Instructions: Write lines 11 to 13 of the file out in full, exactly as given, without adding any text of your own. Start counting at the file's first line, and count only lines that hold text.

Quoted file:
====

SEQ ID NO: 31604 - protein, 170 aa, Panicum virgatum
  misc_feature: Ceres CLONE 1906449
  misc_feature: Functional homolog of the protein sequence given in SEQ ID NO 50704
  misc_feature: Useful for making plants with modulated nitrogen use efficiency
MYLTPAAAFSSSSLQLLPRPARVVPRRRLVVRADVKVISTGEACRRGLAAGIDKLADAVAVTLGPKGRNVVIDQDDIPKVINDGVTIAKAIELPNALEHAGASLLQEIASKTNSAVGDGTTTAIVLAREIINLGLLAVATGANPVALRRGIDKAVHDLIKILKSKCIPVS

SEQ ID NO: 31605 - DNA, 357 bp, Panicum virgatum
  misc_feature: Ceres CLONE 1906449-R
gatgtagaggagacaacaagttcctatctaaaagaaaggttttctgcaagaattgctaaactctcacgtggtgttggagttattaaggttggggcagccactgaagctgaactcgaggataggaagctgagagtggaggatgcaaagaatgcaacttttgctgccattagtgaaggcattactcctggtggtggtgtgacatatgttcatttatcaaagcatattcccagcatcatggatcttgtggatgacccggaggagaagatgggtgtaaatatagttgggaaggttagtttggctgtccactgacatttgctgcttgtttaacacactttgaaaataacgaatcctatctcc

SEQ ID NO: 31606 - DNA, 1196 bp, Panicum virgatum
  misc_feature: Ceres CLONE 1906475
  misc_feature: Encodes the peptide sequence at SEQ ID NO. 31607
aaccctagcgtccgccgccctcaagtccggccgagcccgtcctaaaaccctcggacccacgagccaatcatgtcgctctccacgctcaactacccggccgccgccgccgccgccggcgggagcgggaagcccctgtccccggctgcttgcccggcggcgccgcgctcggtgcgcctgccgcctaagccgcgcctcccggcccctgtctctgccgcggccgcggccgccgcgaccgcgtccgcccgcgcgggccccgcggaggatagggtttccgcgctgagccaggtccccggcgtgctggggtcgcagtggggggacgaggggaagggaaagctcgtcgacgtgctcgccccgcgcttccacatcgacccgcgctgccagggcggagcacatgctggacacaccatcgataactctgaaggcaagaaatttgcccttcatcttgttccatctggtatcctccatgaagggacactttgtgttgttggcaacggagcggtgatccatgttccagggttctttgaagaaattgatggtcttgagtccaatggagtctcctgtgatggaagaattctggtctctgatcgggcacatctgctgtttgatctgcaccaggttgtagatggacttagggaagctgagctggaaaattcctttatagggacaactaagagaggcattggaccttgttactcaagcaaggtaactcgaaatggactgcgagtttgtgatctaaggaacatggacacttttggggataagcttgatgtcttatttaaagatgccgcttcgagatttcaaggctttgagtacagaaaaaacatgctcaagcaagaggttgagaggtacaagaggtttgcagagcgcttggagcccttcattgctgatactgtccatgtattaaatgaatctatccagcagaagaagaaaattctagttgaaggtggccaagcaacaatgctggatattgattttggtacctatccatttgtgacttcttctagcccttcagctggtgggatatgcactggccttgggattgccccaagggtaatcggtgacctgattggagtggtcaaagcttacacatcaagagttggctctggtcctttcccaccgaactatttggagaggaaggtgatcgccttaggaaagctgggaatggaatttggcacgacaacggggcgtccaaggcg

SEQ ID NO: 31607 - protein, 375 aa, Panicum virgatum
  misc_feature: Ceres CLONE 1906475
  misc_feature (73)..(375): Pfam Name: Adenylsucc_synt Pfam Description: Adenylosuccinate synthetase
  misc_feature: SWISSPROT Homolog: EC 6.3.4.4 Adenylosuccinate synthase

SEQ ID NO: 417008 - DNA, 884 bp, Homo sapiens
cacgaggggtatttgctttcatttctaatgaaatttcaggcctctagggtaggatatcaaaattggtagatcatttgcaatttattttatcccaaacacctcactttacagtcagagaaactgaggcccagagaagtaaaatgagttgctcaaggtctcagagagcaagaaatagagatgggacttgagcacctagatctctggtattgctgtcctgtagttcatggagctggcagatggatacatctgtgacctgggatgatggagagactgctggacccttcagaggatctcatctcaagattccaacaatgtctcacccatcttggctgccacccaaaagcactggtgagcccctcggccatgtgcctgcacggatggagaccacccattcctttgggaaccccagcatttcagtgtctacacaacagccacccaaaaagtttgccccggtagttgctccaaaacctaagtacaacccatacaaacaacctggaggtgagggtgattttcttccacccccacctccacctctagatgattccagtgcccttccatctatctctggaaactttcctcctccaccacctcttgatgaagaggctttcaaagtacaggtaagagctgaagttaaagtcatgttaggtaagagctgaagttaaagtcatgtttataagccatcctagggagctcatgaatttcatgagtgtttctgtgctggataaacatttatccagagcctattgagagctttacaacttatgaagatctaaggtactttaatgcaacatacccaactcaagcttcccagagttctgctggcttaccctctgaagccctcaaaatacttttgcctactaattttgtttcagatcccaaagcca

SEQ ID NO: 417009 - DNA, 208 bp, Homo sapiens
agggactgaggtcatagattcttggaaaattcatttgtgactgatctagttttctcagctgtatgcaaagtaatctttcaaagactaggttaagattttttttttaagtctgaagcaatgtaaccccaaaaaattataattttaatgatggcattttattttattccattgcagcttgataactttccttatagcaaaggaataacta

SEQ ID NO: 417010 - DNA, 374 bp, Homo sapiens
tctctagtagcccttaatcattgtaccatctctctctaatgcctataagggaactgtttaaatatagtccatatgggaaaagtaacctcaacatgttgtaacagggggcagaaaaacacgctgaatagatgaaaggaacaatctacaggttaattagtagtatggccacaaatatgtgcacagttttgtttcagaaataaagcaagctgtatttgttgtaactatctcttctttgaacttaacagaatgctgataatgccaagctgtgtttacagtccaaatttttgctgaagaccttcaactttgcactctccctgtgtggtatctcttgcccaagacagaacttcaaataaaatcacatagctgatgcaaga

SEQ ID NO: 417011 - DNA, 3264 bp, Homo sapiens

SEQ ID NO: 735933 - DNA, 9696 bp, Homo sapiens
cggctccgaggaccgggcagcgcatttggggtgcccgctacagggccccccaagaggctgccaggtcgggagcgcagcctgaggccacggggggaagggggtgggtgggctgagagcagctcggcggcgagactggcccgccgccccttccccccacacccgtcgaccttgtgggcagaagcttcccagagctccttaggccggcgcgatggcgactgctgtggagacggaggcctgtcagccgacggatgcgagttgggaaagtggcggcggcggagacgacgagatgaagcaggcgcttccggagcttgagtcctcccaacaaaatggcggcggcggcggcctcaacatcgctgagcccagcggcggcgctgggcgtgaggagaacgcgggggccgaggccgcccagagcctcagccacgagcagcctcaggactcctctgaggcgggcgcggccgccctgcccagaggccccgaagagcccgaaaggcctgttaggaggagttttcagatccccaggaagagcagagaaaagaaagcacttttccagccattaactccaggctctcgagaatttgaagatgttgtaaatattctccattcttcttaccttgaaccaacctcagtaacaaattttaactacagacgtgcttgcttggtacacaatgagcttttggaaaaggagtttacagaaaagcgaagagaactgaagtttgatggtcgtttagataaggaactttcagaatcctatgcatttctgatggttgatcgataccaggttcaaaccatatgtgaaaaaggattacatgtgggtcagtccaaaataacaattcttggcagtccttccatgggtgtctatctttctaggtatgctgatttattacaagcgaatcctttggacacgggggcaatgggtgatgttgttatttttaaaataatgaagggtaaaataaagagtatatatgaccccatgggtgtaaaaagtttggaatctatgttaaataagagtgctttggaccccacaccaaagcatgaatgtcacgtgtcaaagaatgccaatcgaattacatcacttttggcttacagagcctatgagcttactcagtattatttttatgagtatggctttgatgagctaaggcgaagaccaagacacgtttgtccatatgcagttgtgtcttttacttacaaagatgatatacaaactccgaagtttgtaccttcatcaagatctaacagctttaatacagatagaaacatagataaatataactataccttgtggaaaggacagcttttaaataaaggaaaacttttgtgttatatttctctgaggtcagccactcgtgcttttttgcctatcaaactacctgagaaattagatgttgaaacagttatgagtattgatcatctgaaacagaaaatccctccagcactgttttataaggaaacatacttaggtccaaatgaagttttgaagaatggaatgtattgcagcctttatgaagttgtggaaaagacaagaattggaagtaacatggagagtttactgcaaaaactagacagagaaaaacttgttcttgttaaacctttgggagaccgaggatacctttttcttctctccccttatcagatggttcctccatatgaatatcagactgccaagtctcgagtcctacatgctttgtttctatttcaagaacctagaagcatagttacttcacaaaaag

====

  misc_feature: Encodes the peptide sequence at SEQ ID NO. 31607
aaccctagcgtccgccgccctcaagtccggccgagcccgtcctaaaaccctcggacccacgagccaatcatgtcgctctccacgctcaactacccggccgccgccgccgccgccggcgggagcgggaagcccctgtccccggctgcttgcccggcggcgccgcgctcggtgcgcctgccgcctaagccgcgcctcccggcccctgtctctgccgcggccgcggccgccgcgaccgcgtccgcccgcgcgggccccgcggaggatagggtttccgcgctgagccaggtccccggcgtgctggggtcgcagtggggggacgaggggaagggaaagctcgtcgacgtgctcgccccgcgcttccacatcgacccgcgctgccagggcggagcacatgctggacacaccatcgataactctgaaggcaagaaatttgcccttcatcttgttccatctggtatcctccatgaagggacactttgtgttgttggcaacggagcggtgatccatgttccagggttctttgaagaaattgatggtcttgagtccaatggagtctcctgtgatggaagaattctggtctctgatcgggcacatctgctgtttgatctgcaccaggttgtagatggacttagggaagctgagctggaaaattcctttatagggacaactaagagaggcattggaccttgttactcaagcaaggtaactcgaaatggactgcgagtttgtgatctaaggaacatggacacttttggggataagcttgatgtcttatttaaagatgccgcttcgagatttcaaggctttgagtacagaaaaaacatgctcaagcaagaggttgagaggtacaagaggtttgcagagcgcttggagcccttcattgctgatactgtccatgtattaaatgaatctatccagcagaagaagaaaattctagttgaaggtggccaagcaacaatgctggatattgattttggtacctatccatttgtgacttcttctagcccttcagctggtgggatatgcactggccttgggattgccccaagggtaatcggtgacctgattggagtggtcaaagcttacacatcaagagttggctctggtcctttcccaccgaactatttggagaggaaggtgatcgccttaggaaagctgggaatggaatttggcacgacaacggggcgtccaaggcg

SEQ ID NO: 31607 - protein, 375 aa, Panicum virgatum